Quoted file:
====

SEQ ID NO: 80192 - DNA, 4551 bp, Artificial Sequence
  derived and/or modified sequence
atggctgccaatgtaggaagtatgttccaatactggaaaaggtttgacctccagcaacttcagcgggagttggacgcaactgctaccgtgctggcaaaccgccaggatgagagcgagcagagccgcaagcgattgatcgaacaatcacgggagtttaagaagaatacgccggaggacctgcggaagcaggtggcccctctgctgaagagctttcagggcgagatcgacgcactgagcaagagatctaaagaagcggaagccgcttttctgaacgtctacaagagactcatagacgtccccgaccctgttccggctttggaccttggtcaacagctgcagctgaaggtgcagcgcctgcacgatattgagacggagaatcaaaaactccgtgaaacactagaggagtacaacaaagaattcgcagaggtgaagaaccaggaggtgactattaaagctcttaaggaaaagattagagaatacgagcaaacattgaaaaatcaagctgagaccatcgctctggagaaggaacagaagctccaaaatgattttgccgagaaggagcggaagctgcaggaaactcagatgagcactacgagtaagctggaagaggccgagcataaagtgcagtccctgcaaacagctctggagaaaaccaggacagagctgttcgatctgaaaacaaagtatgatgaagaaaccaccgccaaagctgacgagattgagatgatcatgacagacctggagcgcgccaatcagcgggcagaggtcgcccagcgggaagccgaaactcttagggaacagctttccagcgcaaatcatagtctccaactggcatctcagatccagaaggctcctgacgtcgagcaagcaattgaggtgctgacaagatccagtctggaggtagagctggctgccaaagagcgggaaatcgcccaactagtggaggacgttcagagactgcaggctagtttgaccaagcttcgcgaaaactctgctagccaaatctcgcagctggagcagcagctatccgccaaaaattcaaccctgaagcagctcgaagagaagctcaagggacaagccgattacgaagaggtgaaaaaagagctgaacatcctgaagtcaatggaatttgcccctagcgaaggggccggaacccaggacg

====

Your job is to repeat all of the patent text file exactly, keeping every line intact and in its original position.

SEQ ID NO: 80192 - DNA, 4551 bp, Artificial Sequence
  derived and/or modified sequence
atggctgccaatgtaggaagtatgttccaatactggaaaaggtttgacctccagcaacttcagcgggagttggacgcaactgctaccgtgctggcaaaccgccaggatgagagcgagcagagccgcaagcgattgatcgaacaatcacgggagtttaagaagaatacgccggaggacctgcggaagcaggtggcccctctgctgaagagctttcagggcgagatcgacgcactgagcaagagatctaaagaagcggaagccgcttttctgaacgtctacaagagactcatagacgtccccgaccctgttccggctttggaccttggtcaacagctgcagctgaaggtgcagcgcctgcacgatattgagacggagaatcaaaaactccgtgaaacactagaggagtacaacaaagaattcgcagaggtgaagaaccaggaggtgactattaaagctcttaaggaaaagattagagaatacgagcaaacattgaaaaatcaagctgagaccatcgctctggagaaggaacagaagctccaaaatgattttgccgagaaggagcggaagctgcaggaaactcagatgagcactacgagtaagctggaagaggccgagcataaagtgcagtccctgcaaacagctctggagaaaaccaggacagagctgttcgatctgaaaacaaagtatgatgaagaaaccaccgccaaagctgacgagattgagatgatcatgacagacctggagcgcgccaatcagcgggcagaggtcgcccagcgggaagccgaaactcttagggaacagctttccagcgcaaatcatagtctccaactggcatctcagatccagaaggctcctgacgtcgagcaagcaattgaggtgctgacaagatccagtctggaggtagagctggctgccaaagagcgggaaatcgcccaactagtggaggacgttcagagactgcaggctagtttgaccaagcttcgcgaaaactctgctagccaaatctcgcagctggagcagcagctatccgccaaaaattcaaccctgaagcagctcgaagagaagctcaagggacaagccgattacgaagaggtgaaaaaagagctgaacatcctgaagtcaatggaatttgcccctagcgaaggggccggaacccaggacg